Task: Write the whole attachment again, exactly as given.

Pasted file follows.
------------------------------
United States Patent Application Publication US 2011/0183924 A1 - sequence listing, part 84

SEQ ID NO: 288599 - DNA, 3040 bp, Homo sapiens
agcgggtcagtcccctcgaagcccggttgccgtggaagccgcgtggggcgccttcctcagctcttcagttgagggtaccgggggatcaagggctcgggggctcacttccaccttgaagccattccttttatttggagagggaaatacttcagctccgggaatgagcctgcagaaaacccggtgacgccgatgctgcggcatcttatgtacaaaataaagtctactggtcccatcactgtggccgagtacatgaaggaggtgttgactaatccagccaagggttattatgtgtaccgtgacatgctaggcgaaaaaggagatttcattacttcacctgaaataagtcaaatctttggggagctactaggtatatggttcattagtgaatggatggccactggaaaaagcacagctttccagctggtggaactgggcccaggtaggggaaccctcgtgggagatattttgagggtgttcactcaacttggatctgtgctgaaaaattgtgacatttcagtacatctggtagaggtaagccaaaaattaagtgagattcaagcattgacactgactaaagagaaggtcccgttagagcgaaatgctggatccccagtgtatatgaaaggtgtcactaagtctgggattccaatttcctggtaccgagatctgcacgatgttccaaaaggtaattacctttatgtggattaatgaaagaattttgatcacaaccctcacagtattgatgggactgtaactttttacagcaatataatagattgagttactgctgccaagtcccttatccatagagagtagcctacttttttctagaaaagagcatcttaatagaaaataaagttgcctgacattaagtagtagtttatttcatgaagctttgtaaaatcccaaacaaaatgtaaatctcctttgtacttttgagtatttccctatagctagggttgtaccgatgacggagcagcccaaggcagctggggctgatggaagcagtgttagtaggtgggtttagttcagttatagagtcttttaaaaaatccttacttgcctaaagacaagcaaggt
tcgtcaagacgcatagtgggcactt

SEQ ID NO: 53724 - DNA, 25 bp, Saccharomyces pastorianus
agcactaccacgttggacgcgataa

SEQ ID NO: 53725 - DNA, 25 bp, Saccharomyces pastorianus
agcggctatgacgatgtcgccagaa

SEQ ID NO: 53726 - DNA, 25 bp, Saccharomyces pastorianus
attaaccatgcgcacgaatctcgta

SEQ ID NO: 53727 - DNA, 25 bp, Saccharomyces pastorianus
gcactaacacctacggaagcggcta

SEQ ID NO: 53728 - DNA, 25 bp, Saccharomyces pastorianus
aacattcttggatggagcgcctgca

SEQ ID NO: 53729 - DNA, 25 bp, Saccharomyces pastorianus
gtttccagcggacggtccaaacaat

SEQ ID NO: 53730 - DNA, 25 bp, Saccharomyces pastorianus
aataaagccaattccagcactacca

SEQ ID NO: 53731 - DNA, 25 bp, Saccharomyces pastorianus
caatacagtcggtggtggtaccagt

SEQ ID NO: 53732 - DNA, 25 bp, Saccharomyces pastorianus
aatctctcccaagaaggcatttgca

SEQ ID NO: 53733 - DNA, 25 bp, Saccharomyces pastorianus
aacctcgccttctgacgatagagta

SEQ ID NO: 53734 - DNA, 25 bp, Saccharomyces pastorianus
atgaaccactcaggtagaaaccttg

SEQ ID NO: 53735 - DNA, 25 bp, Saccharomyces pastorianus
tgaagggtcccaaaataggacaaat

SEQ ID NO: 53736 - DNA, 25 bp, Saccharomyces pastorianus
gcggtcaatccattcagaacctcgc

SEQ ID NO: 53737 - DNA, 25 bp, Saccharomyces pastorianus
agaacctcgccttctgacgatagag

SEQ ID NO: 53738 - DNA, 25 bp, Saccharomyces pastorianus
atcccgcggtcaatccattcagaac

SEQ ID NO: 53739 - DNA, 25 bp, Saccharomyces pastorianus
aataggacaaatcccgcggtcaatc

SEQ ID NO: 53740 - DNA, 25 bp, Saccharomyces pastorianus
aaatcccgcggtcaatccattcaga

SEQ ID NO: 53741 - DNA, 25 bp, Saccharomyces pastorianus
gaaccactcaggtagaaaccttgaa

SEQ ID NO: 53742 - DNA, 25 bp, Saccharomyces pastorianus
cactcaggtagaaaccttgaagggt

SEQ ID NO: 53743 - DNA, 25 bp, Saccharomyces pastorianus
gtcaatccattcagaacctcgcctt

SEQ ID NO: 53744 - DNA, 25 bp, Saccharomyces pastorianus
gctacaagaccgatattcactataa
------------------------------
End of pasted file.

United States Patent Application Publication US 2011/0183924 A1 - sequence listing, part 84

SEQ ID NO: 288599 - DNA, 3040 bp, Homo sapiens
agcgggtcagtcccctcgaagcccggttgccgtggaagccgcgtggggcgccttcctcagctcttcagttgagggtaccgggggatcaagggctcgggggctcacttccaccttgaagccattccttttatttggagagggaaatacttcagctccgggaatgagcctgcagaaaacccggtgacgccgatgctgcggcatcttatgtacaaaataaagtctactggtcccatcactgtggccgagtacatgaaggaggtgttgactaatccagccaagggttattatgtgtaccgtgacatgctaggcgaaaaaggagatttcattacttcacctgaaataagtcaaatctttggggagctactaggtatatggttcattagtgaatggatggccactggaaaaagcacagctttccagctggtggaactgggcccaggtaggggaaccctcgtgggagatattttgagggtgttcactcaacttggatctgtgctgaaaaattgtgacatttcagtacatctggtagaggtaagccaaaaattaagtgagattcaagcattgacactgactaaagagaaggtcccgttagagcgaaatgctggatccccagtgtatatgaaaggtgtcactaagtctgggattccaatttcctggtaccgagatctgcacgatgttccaaaaggtaattacctttatgtggattaatgaaagaattttgatcacaaccctcacagtattgatgggactgtaactttttacagcaatataatagattgagttactgctgccaagtcccttatccatagagagtagcctacttttttctagaaaagagcatcttaatagaaaataaagttgcctgacattaagtagtagtttatttcatgaagctttgtaaaatcccaaacaaaatgtaaatctcctttgtacttttgagtatttccctatagctagggttgtaccgatgacggagcagcccaaggcagctggggctgatggaagcagtgttagtaggtgggtttagttcagttatagagtcttttaaaaaatccttacttgcctaaagacaagcaaggt
tcgtcaagacgcatagtgggcactt

SEQ ID NO: 53724 - DNA, 25 bp, Saccharomyces pastorianus
agcactaccacgttggacgcgataa

SEQ ID NO: 53725 - DNA, 25 bp, Saccharomyces pastorianus
agcggctatgacgatgtcgccagaa

SEQ ID NO: 53726 - DNA, 25 bp, Saccharomyces pastorianus
attaaccatgcgcacgaatctcgta

SEQ ID NO: 53727 - DNA, 25 bp, Saccharomyces pastorianus
gcactaacacctacggaagcggcta

SEQ ID NO: 53728 - DNA, 25 bp, Saccharomyces pastorianus
aacattcttggatggagcgcctgca

SEQ ID NO: 53729 - DNA, 25 bp, Saccharomyces pastorianus
gtttccagcggacggtccaaacaat

SEQ ID NO: 53730 - DNA, 25 bp, Saccharomyces pastorianus
aataaagccaattccagcactacca

SEQ ID NO: 53731 - DNA, 25 bp, Saccharomyces pastorianus
caatacagtcggtggtggtaccagt

SEQ ID NO: 53732 - DNA, 25 bp, Saccharomyces pastorianus
aatctctcccaagaaggcatttgca

SEQ ID NO: 53733 - DNA, 25 bp, Saccharomyces pastorianus
aacctcgccttctgacgatagagta

SEQ ID NO: 53734 - DNA, 25 bp, Saccharomyces pastorianus
atgaaccactcaggtagaaaccttg

SEQ ID NO: 53735 - DNA, 25 bp, Saccharomyces pastorianus
tgaagggtcccaaaataggacaaat

SEQ ID NO: 53736 - DNA, 25 bp, Saccharomyces pastorianus
gcggtcaatccattcagaacctcgc

SEQ ID NO: 53737 - DNA, 25 bp, Saccharomyces pastorianus
agaacctcgccttctgacgatagag

SEQ ID NO: 53738 - DNA, 25 bp, Saccharomyces pastorianus
atcccgcggtcaatccattcagaac

SEQ ID NO: 53739 - DNA, 25 bp, Saccharomyces pastorianus
aataggacaaatcccgcggtcaatc

SEQ ID NO: 53740 - DNA, 25 bp, Saccharomyces pastorianus
aaatcccgcggtcaatccattcaga

SEQ ID NO: 53741 - DNA, 25 bp, Saccharomyces pastorianus
gaaccactcaggtagaaaccttgaa

SEQ ID NO: 53742 - DNA, 25 bp, Saccharomyces pastorianus
cactcaggtagaaaccttgaagggt

SEQ ID NO: 53743 - DNA, 25 bp, Saccharomyces pastorianus
gtcaatccattcagaacctcgcctt

SEQ ID NO: 53744 - DNA, 25 bp, Saccharomyces pastorianus
gctacaagaccgatattcactataa